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Freedom From Desire Is Total Happiness - Teachings On Desire From Various Hindu Scriptures

A collection of teachings on desire from various Hindu scriptures.

Freedom from desire is total happiness.

Whatever is done by a human being is prompted by some desire.

A desire prompts us to make a plan and execute it. We expect sweet fruits from that karma, but often the fruits turn out to be bitter. We get frustrated. That generates anger and, as the Bhagavad Gita points out, losing our self-possession we get deluded and slide into ruin.

Desires are not satiated by their fulfillment; the more one tries to satisfy them, the more they grow.
Attempts to fulfill a desire give rise to more desires.

The more desires a person has, the more agitated his or her mind will be.

The seers of Yoga and Vedanta speak of sublimation of urges and desires, not of their repression. Sublimation is spiritualizing all our urges and desires by channeling them towards the attainment of Self-knowledge, in which all desires and urges find their supreme fulfilment. Self-knowledge is not just cessation of suffering and attainment of peace, but intense bliss. When a person advances toward this Knowledge, he begins to taste the bliss of the Self and finds sense enjoyments increasingly tasteless and insipid.

It is impossible to give up all our desires. Therefore, we must have proper discrimination. We must not be driven by desires. Instead, we must be the master and take proper control over which desires need to be fulfilled and in such a manner that they do not give rise to new desires.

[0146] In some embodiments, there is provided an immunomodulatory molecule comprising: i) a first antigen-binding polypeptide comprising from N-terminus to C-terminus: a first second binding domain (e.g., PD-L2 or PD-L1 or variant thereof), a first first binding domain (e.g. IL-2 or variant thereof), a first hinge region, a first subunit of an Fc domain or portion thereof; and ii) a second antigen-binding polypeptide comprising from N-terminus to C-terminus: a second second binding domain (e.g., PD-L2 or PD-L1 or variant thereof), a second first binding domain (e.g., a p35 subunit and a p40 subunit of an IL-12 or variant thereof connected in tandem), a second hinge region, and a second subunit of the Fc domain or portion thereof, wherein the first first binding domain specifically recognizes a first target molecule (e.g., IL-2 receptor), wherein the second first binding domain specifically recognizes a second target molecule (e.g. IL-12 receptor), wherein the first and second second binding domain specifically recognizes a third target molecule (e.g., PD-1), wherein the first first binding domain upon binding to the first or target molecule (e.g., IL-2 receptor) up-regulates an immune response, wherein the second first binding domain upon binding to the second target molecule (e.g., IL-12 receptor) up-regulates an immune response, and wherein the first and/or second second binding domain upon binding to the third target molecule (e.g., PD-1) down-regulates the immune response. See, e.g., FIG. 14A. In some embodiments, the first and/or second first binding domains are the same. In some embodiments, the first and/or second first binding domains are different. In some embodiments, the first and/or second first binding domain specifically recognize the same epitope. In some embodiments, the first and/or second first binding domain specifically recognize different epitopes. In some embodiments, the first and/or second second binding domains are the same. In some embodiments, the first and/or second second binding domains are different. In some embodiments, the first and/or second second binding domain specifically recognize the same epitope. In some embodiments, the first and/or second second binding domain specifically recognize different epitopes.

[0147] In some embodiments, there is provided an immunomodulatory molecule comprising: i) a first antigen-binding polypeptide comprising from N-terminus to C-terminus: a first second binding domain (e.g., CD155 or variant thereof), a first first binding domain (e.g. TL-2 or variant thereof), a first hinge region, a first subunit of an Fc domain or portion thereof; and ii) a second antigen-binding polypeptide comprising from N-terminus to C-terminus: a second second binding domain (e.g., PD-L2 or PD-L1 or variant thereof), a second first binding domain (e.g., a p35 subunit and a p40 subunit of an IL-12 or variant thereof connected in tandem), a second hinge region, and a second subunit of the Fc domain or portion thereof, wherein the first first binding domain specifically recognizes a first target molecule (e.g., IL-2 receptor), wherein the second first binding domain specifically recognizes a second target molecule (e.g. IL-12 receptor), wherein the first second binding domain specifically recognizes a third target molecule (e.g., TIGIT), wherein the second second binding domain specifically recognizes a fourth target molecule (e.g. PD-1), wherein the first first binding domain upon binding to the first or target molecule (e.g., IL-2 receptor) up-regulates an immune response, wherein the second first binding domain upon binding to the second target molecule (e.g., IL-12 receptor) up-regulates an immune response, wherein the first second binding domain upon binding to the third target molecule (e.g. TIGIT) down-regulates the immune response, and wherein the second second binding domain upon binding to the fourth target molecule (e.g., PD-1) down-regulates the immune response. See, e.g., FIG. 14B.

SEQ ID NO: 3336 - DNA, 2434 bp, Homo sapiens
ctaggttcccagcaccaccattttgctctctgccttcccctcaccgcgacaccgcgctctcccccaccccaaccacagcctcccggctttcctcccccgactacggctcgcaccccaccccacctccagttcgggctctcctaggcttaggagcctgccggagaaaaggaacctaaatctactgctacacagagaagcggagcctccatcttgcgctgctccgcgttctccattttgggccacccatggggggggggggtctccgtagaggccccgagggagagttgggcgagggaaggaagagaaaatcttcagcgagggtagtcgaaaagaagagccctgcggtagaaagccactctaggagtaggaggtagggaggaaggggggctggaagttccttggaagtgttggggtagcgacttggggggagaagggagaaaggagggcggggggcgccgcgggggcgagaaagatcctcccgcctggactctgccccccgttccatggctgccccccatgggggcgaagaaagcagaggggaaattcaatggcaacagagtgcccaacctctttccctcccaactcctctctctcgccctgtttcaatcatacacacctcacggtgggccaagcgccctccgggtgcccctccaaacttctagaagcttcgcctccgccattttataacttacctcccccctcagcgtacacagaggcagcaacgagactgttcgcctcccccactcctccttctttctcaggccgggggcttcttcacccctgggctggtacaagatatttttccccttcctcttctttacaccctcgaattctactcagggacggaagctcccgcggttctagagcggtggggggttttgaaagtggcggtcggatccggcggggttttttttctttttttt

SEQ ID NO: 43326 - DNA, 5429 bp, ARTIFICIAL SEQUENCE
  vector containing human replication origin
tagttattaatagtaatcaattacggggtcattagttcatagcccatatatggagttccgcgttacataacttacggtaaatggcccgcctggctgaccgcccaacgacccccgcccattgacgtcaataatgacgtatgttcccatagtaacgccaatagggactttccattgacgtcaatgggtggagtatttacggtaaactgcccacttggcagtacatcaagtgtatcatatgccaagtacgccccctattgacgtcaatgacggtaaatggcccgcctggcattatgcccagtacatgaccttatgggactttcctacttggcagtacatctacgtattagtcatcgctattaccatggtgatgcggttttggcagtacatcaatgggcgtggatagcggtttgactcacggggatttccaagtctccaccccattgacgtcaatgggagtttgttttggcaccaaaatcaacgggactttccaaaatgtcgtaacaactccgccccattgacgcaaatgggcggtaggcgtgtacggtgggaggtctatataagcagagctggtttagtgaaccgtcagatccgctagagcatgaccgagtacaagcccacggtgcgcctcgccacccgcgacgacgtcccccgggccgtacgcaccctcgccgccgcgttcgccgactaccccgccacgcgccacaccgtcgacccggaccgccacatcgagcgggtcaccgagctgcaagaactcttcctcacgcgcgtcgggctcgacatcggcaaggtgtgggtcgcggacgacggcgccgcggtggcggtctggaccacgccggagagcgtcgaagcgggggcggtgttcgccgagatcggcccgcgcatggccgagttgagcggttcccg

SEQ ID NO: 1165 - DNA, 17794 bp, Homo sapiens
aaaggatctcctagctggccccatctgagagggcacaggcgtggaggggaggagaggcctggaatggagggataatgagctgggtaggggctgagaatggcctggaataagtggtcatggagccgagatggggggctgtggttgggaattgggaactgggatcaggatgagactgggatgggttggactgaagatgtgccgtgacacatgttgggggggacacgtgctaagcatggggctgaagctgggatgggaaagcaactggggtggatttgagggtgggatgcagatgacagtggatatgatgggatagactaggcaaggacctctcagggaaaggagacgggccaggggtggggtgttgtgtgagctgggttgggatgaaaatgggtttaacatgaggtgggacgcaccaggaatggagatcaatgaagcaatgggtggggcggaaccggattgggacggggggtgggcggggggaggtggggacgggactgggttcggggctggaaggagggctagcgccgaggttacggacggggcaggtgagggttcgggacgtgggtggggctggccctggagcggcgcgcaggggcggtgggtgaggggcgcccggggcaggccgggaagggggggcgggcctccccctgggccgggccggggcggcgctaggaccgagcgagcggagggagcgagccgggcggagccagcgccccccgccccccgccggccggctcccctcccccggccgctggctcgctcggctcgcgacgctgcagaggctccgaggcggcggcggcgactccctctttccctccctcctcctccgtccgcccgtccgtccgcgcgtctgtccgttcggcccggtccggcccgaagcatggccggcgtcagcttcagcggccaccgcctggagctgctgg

Arjuna asked Sri Krishna what compels man to commit sin in spite of himself, driven, as it were, by force. Bhagavan said, ‘These are desire and anger, born of rajas. Know these two to be the enemies, all-devouring, and the cause of all sin.

Every desire-prompted work is born in ignorance — ignorance of our real nature. Avidya-kama-karma (ignorance-desire-action) is a chain Sri Adi Shankaracharya often refers to in his commentaries. Vedanta does recognize the need for gradual sublimation of desires and sanctions desires that are not contradictory to dharma.

The potter shapes various forms with unburnt clay, but he cannot work the clay that has once been burnt. In the same way the heart that has been burnt in the fire of worldly desires cannot be acted upon by any higher sentiment, and is incapable of being moulded into any lovely form.

Both the good and the pleasant present themselves before man. The wise (intelligent) one examines them well and discriminates between them. He prefers the good to the pleasant. The dull one chooses the pleasant out of greed (to acquire more) and desire (to protect what he has).

Karmas bear fruit as ordained by Bhagavan, but by themselves they cannot grant you salvation. By performing selfless actions one’s mind can become pure. With a pure mind one should contemplate the Self. This would destroy the vasanas (latent desires).

Once Swami Turiyananda heard a person arguing in front of Sri Ramakrishna, saying that this world is real. After listening to him, the Master said to him, ‘Ram, why don’t you say in simple words that even now you have the desire to enjoy the sour dish of hog-plum (the worthless pleasures of the world)? What is the need for all this vain argumentation?’ What response could have been more forceful and irrefutable? The truth is that if one has attachments one is afraid to renounce the world. But to hide this attitude and imagine that one can realize God without giving up attachments, only indicates one’s natural inner weakness.